While I have talked at length on hows of Document Automation, I seem to have omitted to talk about the whys. So, with no further ado, here are the top 5 reasons why document automation is valuable, even for you.
Why Document Automation is valuable to you
Reduces drafting time
Fundamentally, this is the point of Document Automation. In its simplest form, Document Automation is about creating a questionnaire that a user can answer to generate a version of the document where the word processing has already been done.
Imagine a world in which you don’t have to comb through the document looking for all the places you need to paste each of those details, conjugating verbs or deleting square brackets. That world is a reality – all you need to do is automate your documents – or subscribe to an existing service.
Exactly how much time it can save you depends on a whole lot of factors from the type of document you’re working on through to how you design your automation. So, I’m not going to give you a hard and fast number on how much time you can save, but it is significant. To give you just one example, according to a 2017 press release, Coca Cola reduced their drafting time from 10 hours to 15 mins – that’s a 97.5% decrease.
Humans have a natural propensity for error, which increases with time spent on an activity and the stress associated with that activity. By Automating a document, you reduce the amount of time humans spend looking at the document itself. So, we can make the best use of our most accurate time where it really matters (see point three).
You can get to the real work faster
Getting the document from precedent form to a viable contract requires more than just word processing – after all, if it were, why would you need a lawyer to do it?
Despite what many have prophesied about automation spelling the end for lawyers, Document Automation is not threatening legal jobs, in fact, it’s improving them (if you’re still sceptical, read this article about the difference between AI and DocAuto). Less time spent copy and pasting means you’re getting to the legal work – the work that you are uniquely qualified to do – faster. Not only is your job more enjoyable (I’m assuming here that it was not the allure of word processing that drew you to field) but you can also do more of it.
In a world where clients are ever more reluctant to pay for hours of administrative work, Document Automation can enable you to draft faster, giving you more time to dedicate to complex legal matters, take on more client work, or give you a better work-life balance – whichever you are in most need.
Saves you from stupid mistakes
We’ve all done it. At some point, you’ve opened up the wrong document, worked on it for two hours just to realise your mistake. Then you’re faced with a choice, redraft two thirds of the document or start again with the correct version of the precedent. Either way, you loose.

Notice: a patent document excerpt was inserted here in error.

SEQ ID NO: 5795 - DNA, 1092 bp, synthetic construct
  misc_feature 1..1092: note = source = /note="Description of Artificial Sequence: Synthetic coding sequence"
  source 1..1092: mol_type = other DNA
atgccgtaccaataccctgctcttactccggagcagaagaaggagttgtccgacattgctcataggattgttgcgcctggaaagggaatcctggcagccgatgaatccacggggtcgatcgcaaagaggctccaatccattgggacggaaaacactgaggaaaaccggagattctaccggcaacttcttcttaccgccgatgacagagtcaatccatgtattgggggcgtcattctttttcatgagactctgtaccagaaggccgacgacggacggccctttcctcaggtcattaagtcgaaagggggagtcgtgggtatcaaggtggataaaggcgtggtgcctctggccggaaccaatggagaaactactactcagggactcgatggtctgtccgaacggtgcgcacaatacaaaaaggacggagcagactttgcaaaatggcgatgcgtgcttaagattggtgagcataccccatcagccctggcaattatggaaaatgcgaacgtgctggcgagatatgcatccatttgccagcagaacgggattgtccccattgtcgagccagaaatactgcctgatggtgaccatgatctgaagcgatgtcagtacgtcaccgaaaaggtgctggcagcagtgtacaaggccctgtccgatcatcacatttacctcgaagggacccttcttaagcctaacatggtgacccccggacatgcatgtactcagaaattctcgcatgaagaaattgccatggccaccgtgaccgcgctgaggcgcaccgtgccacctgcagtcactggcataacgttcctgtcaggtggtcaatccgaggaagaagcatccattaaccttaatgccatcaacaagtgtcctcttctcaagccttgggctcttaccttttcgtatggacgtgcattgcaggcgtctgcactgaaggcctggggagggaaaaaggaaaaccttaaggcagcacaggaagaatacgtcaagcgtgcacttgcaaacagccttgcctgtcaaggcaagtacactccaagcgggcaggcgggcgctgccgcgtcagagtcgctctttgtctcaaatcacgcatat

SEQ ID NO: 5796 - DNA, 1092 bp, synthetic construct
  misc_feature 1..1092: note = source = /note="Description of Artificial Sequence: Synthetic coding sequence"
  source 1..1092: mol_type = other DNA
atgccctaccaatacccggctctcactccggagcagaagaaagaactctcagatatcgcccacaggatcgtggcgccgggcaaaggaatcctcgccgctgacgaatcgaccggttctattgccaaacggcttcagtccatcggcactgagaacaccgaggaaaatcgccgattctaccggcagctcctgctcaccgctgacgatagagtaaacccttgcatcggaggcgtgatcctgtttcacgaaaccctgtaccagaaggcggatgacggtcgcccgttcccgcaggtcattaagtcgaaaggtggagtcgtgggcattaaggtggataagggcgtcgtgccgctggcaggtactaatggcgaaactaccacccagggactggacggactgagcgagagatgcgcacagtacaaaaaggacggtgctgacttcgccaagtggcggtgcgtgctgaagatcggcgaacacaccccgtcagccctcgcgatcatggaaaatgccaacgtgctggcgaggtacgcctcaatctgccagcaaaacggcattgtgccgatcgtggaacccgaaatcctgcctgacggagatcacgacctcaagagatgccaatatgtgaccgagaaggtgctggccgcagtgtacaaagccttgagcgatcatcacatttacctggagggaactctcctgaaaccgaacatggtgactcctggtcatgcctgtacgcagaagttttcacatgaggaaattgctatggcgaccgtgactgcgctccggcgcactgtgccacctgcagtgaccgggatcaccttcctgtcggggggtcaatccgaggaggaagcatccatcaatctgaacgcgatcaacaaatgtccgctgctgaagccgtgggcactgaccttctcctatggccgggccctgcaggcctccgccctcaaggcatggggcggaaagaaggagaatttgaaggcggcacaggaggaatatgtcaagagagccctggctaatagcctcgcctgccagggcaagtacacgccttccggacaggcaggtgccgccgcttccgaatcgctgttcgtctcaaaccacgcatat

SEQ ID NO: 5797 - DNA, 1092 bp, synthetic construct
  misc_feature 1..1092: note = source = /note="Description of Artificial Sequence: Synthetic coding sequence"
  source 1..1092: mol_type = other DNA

In this situation, Document Automation can be your best friend. If it didn’t outright save you from making this mistake in the first place (by asking you questions about the type of transaction you’re drafting for) then you’ve only wasted the ten or so minutes it took you to get to a version of the document where you realised you’re using the wrong template.
The higher the pressure, the more common and more costly these mistakes are – at least in a personal sense, if not in a direct cost to the business.
While small law has been the fastest to embrace new technology – out of a need for the fee earners to do more with their time – Document Automation offers a unique advantage for larger law firms.
The standardisation the tools offer, both in terms of working and presentation are an excellent way of ensuring compliance across multiple locations. This can be particularly valuable following a merger, when the newly formed firm is looking to ensure compliance with your newly agreed standards and styles when people have been used to working in a different way for so long.
So, your risk team should like document automation, too – at least in principle.
So, why are people still so reluctant?
Despite all this, Doc Auto is still underutilised, even when firms have invested hugely in it. In my experience, those lawyers that are resistant to Document Automation don’t reject the principal. Rather, they cannot see how the tools can help them.
This is all very well and good, but these aren’t millennial we’re talking about here. These special snowflakes are predominantly these are GenX and Xennials; well established professionals, reaching the zenith of their careers. Yes, what you do is special and unique and only you can do it. but couldn’t you do it better, if only you didn’t have to waste time worrying about the five points above? Document Automation is valuable for you, too, and can help you work better.